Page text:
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Friday, June 22, 2007

'Hollywoodland'

The superman who came unstuck in Hollywood


The new film noir "Hollywoodland" has a title that may leave people scratching their heads: Isn't the home of the movie studios called "Hollywood?" Well, yes and no. The original, iconic sign on the hillside read "Hollywoodland," placed there in 1923 by some real-estate developers. It lasted only until 1932, when an actress who had just lost a big role jumped off the sign to her death. Thereafter, they dropped four letters from it, because it was felt the original 13-letter configuration was bad luck.

Hollywoodland Rating: (3.5 out of 5)
Star Star Star Star Star
Hollywoodland
Ben Affleck and Diane Lane in "Hollywoodland" (c)2006 FOCUS FEATURES. ALL RIGHTS RESERVED

Director: Allen Coulter
Running time: 126 minutes
Language: English
Now showing (June 22, 2007)
[See Japan Times movie listing]

Bad luck. That's an easy way to make peace with the fact that Hollywood always has been and always will be a ruthless place, not just the place where dreams are made, but also where they're crushed. For every person who makes it, scores more don't, and nobody wants to think about them too much. (See "Mulholland Drive" for an exception.) Not everybody has a strong enough ego to survive the cattle-call auditions, the constant judging of status and backbiting, the need to project an illusion of confidence and power at all times. And some of these weaker types wind up dead overdosed, murdered, or suicided off the Hollywood sign.

The most iconic of such deaths was certainly that of George Reeves, television's original Superman, who embodied the "Man of Steel" perfectly until he shocked his fans by proving that he wasn't faster than a speeding bullet, ending his career with a gunshot to the head one bleak night in 1959 at the age of 45. What drove a seemingly successful actor to do such a thing? Or, perhaps a better question, did he really kill himself, or did someone else pull the trigger?

"Hollywoodland" floats these questions and runs with them, fashioning a cynical, hard-boiled look at a town run by money, spin and connections. (And we're talking 50 years ago; my, how times don't change.)

Sure, the flick wants to be "Chinatown," just like every other postmodern noir; you know to be wary of the old men, and that the hero will be flailing out of his depth, but this is still one of the better imitators. Director Allan Coulter has cut his teeth on two of the better American TV shows "The Sopranos" and "Sex and the City" and he displays a reverence for tight plotting and sharp acting that seems almost old-fashioned ... until you realize that's something that still marks good TV, despite being almost entirely absent from this summer's blockbusters.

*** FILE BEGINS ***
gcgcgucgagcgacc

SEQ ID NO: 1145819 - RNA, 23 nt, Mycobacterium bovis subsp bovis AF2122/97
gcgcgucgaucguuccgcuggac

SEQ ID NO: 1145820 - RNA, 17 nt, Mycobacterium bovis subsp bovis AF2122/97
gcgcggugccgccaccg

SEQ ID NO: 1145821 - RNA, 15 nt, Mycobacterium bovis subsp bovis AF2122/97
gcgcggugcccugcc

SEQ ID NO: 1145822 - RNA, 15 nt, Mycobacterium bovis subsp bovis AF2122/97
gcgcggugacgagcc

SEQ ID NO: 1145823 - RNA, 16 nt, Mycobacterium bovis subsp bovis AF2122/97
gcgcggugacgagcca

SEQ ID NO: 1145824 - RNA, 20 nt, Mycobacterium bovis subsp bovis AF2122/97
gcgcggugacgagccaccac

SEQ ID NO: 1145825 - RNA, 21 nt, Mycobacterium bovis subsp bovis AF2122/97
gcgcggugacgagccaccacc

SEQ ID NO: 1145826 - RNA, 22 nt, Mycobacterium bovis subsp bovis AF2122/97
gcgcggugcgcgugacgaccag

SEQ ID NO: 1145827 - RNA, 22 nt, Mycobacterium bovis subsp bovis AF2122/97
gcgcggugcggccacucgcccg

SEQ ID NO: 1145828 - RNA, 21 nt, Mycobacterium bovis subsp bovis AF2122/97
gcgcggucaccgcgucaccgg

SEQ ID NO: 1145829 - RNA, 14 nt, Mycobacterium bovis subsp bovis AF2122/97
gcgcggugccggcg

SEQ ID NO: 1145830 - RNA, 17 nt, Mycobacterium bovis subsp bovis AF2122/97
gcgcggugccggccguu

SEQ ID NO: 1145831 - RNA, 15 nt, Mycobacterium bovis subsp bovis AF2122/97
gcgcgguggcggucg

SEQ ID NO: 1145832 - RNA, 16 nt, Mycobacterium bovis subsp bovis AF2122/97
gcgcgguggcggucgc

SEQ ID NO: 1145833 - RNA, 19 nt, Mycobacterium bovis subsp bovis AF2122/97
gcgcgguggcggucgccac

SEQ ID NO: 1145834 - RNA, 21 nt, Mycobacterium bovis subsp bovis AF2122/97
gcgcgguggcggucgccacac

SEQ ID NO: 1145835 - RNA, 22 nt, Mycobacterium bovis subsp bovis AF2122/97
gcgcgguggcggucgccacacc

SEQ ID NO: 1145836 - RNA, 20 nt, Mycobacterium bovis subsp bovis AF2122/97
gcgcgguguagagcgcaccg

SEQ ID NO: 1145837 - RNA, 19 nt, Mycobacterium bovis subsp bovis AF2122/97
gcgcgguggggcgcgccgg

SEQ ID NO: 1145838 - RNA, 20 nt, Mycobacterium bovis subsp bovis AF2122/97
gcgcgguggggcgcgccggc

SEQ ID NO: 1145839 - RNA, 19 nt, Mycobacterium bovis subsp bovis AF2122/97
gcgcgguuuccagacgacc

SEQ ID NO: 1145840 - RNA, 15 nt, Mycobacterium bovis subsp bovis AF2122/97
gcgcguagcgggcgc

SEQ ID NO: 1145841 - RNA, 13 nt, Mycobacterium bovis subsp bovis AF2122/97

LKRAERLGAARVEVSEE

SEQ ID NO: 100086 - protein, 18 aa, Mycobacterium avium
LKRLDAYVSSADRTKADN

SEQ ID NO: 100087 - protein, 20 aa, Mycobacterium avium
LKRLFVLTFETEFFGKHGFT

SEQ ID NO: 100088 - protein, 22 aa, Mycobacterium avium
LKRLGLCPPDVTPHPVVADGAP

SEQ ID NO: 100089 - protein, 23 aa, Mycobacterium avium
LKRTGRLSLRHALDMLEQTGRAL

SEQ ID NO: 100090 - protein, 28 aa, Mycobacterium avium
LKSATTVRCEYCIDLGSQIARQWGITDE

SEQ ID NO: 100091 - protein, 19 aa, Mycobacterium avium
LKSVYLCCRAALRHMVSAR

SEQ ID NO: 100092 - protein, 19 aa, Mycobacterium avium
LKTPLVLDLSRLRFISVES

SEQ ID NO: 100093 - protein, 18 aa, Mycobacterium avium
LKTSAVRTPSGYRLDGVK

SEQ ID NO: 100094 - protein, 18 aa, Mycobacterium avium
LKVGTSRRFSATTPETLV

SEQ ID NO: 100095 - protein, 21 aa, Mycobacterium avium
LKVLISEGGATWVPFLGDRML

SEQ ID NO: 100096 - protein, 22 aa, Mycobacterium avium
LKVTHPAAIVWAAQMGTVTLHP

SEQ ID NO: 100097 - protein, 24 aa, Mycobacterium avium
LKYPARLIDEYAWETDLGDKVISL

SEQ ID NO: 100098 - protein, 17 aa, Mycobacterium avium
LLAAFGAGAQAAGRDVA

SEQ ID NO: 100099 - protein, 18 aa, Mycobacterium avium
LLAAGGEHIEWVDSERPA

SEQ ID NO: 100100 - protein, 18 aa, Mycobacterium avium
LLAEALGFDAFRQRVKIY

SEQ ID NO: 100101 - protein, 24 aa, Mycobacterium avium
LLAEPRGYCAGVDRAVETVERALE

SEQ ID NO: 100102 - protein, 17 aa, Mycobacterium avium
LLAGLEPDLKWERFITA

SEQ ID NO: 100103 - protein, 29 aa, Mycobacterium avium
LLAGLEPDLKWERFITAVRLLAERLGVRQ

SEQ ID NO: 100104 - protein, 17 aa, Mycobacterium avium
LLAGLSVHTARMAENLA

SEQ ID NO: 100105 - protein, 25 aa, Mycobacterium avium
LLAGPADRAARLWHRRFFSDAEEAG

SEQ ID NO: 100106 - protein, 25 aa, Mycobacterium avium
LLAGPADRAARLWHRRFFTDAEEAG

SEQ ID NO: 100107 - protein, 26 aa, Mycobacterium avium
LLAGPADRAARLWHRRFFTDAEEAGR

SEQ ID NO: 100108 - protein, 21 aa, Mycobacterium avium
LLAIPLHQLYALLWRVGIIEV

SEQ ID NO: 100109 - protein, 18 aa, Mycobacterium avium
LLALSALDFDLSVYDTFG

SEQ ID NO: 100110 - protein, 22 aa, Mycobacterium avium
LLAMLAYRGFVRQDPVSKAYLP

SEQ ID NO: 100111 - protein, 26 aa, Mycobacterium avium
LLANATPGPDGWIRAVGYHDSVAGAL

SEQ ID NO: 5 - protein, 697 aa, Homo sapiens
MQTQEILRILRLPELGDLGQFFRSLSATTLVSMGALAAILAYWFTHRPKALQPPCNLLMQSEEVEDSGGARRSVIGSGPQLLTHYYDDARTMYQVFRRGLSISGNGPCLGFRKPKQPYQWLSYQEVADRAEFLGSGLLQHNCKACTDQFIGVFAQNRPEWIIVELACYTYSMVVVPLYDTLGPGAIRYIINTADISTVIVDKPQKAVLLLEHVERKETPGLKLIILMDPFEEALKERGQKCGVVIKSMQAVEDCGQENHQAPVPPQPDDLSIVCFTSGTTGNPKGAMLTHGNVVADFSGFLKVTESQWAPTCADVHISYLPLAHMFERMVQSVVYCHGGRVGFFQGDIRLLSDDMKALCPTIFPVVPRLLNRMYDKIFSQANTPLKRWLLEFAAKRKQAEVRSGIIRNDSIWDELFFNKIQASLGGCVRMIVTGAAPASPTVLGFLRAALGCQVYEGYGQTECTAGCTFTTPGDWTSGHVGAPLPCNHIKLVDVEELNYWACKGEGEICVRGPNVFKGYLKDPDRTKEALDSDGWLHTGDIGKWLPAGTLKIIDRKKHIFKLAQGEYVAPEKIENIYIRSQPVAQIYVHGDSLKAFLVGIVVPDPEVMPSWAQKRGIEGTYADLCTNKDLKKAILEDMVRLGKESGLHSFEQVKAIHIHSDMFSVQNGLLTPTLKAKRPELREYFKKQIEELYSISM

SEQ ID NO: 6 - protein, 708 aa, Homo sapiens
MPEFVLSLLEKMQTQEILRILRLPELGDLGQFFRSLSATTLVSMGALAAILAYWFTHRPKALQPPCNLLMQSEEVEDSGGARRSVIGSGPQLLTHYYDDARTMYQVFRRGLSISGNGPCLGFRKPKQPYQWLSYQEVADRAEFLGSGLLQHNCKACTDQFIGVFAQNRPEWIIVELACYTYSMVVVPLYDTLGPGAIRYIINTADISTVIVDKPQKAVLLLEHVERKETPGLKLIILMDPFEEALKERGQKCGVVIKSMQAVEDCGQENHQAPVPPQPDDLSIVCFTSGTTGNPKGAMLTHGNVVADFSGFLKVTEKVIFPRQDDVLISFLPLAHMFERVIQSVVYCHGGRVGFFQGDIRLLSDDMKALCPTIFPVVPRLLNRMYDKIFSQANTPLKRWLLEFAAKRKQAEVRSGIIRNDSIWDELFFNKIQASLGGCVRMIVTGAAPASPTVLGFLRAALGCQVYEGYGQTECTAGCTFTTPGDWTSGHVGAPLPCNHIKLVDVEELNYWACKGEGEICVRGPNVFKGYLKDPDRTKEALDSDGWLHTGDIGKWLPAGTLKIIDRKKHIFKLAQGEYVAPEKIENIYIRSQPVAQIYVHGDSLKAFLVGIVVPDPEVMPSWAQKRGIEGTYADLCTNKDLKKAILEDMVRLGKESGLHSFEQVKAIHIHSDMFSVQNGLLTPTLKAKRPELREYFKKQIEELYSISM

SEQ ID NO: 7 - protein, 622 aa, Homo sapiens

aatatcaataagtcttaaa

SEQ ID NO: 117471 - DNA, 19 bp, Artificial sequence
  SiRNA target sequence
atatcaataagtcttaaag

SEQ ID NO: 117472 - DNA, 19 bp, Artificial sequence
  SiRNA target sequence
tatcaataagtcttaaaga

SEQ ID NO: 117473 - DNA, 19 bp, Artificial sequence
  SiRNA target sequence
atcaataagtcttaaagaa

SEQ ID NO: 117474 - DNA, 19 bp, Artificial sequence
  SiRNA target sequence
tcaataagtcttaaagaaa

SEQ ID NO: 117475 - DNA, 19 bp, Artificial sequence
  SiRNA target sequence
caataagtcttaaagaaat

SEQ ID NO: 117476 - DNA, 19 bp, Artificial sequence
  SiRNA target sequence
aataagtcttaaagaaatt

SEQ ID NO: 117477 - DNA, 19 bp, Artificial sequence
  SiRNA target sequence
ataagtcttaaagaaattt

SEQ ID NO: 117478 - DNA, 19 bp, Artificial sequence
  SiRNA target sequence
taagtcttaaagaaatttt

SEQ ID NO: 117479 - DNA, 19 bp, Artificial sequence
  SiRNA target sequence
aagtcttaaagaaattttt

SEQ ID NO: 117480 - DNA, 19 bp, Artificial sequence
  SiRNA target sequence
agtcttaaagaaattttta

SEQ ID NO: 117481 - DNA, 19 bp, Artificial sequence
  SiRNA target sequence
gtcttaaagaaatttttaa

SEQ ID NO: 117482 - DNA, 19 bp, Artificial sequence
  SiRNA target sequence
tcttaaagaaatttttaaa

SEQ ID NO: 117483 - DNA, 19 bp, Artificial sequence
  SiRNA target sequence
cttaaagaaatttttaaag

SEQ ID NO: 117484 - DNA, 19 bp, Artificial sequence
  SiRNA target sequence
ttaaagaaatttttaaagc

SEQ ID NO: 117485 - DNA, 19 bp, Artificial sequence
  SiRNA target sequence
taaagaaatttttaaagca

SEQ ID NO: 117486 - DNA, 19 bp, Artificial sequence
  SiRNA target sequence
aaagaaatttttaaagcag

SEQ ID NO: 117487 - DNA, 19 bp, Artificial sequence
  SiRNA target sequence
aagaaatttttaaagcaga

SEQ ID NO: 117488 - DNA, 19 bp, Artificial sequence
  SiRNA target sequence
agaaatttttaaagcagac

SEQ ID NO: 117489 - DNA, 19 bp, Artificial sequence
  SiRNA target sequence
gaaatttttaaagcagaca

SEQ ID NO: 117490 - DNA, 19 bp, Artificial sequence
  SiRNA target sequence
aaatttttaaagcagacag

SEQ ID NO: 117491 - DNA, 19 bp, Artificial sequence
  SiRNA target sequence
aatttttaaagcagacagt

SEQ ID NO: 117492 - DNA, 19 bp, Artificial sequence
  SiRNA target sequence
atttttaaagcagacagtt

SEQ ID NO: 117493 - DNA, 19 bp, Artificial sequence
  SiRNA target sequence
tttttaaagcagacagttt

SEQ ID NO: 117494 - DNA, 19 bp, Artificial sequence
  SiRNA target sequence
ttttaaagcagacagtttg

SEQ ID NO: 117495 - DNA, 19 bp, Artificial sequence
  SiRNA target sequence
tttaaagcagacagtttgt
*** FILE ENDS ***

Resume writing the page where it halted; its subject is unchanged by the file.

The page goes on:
"Hollywoodland" starts with the cops at Reeves' home, looking into the suicide, but not too hard. Seedy private detective Louis Simo (Adrien Brody), hard-up for a job, manages to convince Reeves' mother to hire him. Investigating Reeves' death, Simo doesn't have to dig too deep to find holes in the suicide theory, including two more bullet holes in the floor of Reeves' bedroom. Simo muses what kind of guy would try to shoot himself in the head and miss twice?

The investigator then digs into Reeves' past, and as he uncovers bits of the actor's personal life we see them played out in flashback. As played by Ben Affleck and this must surely be self-referential casting Reeves is a likable dunce, a bland hunk who's better at getting his photo in the papers and charming the ladies than he is at landing roles. He does land one aging beauty in bed, Toni Mannix (Diane Lane), but only learns the downside the next morning: She's the wife of nasty studio mogul Edgar Mannix (Bob Hoskins).

Reeves is afraid his acting career which started with a role in "Gone With The Wind" is as good as doomed, but Toni assures him it's not, and she keeps Reeves as her toyboy. She supplies him with money, cars and a house, but what he really wants is respect, which means roles, and Mr. Mannix isn't doing him any favors.

George is so desperate he even takes the role of Superman, complete with form-fitting tights and bad scripts, much to his own embarrassment. Trying on the outfit, he mutters "I look like a damn fool," and when the show premiers, he proclaims, "one thing we can be sure of no one with a lick of sense would watch that show." This can only be viewed ironically, given the show's success, and the complete domination that superhero movies would achieve in this decade. It's interesting to compare Reeves' embarrassment, as a grown man playing such a juvenile incarnation, with Tobey Maguire's simpering grin as he expounds on the supposed emotional and psychological complexity of "Spiderman."

Brody, an Oscar-winner (for "The Pianist"), is great here, his voice a lower growl, with an aggressive, wired physicality not normally associated with the actor. Better yet are the leading ladies: Lane is spot-on perfect as a lover whose kindness manifests as control, while Robin Tunney is equally fine as the floozy Reeves eventually falls for, delivering her hard-boiled lines with a particular bite such gems as "when you're drunk, everything's funny." (Referring to firing a gun inside Reeves' bedroom.)

If there's any flaw with the film, it's that "Auto Focus" covered this territory in 2002; Paul Schrader's film, which looked at the seedy private life and mysterious murder of popular TV star Bob Crane of "Hogan's Heroes," was an even more bizarre tale, and similarly concerned with the shadows lurking behind a cheery TV star image. On the other hand, "Auto Focus" was twisted and psychotronic, while "Hollywoodland" is more of a traditional noir detective story, with simpler pleasures. Take your pick: both cast a little light under the rock of stardom, and you can watch the critters squirm.



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